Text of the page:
That are unable else to see his face, But those two most, which, ruling night and day,

His glorious face! which glistereth else so bright, As king and queene, the Heavens empire sway; That th' angels selves can not endure bis sight.

But we, fraile wights! whose sight cannot sustaine | There in his bosome Sapience doth sit,
The Suns bright beames when he on us doth shyne, The soveraine dearling of the Deity,
But that their points rebutted backe againe Clad like a queene in royall robes, most fit
Are duld, how can we see with feeble eyne For so great powre and peerelesse majesty,
The glorie of that Maiestie divine,

And all with gemmes and jewels gorgeously
In sight of whom both Sun and Moone are darke, Adornd, that brighter then the starres appeare,
Compared to his least resplendent sparke ? And make her native brightnes seem more cleare.
The meanes, therefore, wbich unto us is lent And on her head a crown of purest gold
Him to behold, is on his workes to looke,

Is set, in signe of highest soverainty ; Which he hath made in beauty excellent,

And in her hand a scepter she doth hold, And in the same, as in a brasen booke,

With which she rules the house of God on hy, To read enregistred in every nooke

And menageth the ever-moving sky,
His goodnesse, which his beautie doth declare; And in the same these lower creatures all
For all thats good is beautifull and faire.

Subiected to her powre imperiall.
Thence gathering plumes of perfect speculation, Both Heaven and Earth obey unto her will,
To impe the wings of thy high flying mynd, And all the creatures which they both containe;
Mount up aloft through heavenly contemplation, For of her fulnesse which the world dotb fill
From this darke world, whose damps the soule do They all partake. and do in state remaine
And, lyke the native brood of cagles kynd, [blynd, As their great Maker did at first ordaine,
On that bright Sunne of Glorie fixe thine eyes, Through observation of her high beheast,
Cleard from grosse mists of fraile infirmities. By which they first were made, and still increast.
Humbled with feare and awfull reverence, The fairnesse of her face no tongue can tell ;
Before the footestoole of his Maiestie

For she the daughters of all wemens race,
Throw thy selfe downe, with trembling innocence, And angels eke, in beautie doth excell,
Ne dare looke up with corruptible eye

Sparkled on her from Gods owne glorious face, On the dred face of that Great Deity,

And more increast by her owne goodly grace, For feare, lest if he chaunce to look on thee, That it doth farre exceed all humane thought, Thou turne to nought, and quite confounded be. Ne can on Earth compared be to ought. But lowly fall before his mercie seate,

Ne could that painter (had he lived yet) Close covered with the Lambes integrity

Which pictured Venus with so curious quill, From the just wrath of his avengefull threate That all posteritie admyred it, That sits upon the righteous throne on hy; Have purtray'd this, for all his maistring skill; His throne is built upon eternity,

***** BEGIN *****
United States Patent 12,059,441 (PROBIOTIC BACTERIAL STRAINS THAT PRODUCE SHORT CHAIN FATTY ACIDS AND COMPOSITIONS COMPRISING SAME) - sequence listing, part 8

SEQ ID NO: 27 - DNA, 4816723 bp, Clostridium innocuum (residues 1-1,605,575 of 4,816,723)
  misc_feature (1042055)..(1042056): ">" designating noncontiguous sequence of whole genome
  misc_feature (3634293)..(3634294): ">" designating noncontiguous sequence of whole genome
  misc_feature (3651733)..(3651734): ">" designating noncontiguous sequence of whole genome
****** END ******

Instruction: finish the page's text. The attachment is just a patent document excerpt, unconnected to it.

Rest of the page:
Ne she her selfe had she remained still, More firme and durable then steele or brasse, And were as faire as fabling wits do fayne, Or the hard diamond, which them both doth passe. Could once come neare this beauty soverayne. His scepter is the rod of Righteousnesse,

But had those wits, the wonders of their daycs, With which he bruseth all his foes to dust,

Or that sweete Teian poet, which did spend And the great dragon strongly doth represse, His plenteous vaine in setting forth her praise, Under the rigour of his iudgment just;

Seen but a glims of this which I pretend, His seate is Truth, to which the faithfull trust, How wondrously would he her face commend, From whence proceed her beames so pure and bright, Above that idole of his fayning thought, That all about him sheddeth glorious light: That all the world should with his rimes be fraught! Light, farre exceeding that bright blazing sparke How then dare I, the novice of his art, Which darted is from Titans flaming head, Presume to picture so divine a wight, That with his beames enlumineth the darke Or hope t'expresse her least perfections part, And dampish air, wherby al things are red; Whose beautie filles the Heavens with her light, Whose nature yet so much is marvelled

And darkes the Earth with shadow of her sight? Of mortall wits, that it doth much amaze

Ah, gentle Muse! thou art too weake and faint The greatest wisards which thereon do gaze. The pourtraict of so heavenly hew to paint. But that immortall light, which there doth shine, Let angels, which her goodly face behold Is many thousand times more bright, more cleare, And see at will, her soveraigne praises sing, More excellent, more glorious, more divine, And those most sacred mysteries unfold Through which to God all mortall actions here, Of that faire love of mightie Heavens King; And even the thoughts of men, do plaine appeare; Enough is me t'admyre so heavenly thing, For from th' Eternall Truth it doth proceed, (breed. And, being thus with her huge love possest, Through heavenly vertue which her beames doe In th' only wonder of her selfe to rest. With the great glorie of that wondrous light But whoso may, thrise happie man him hold, His throne is all encompassed around,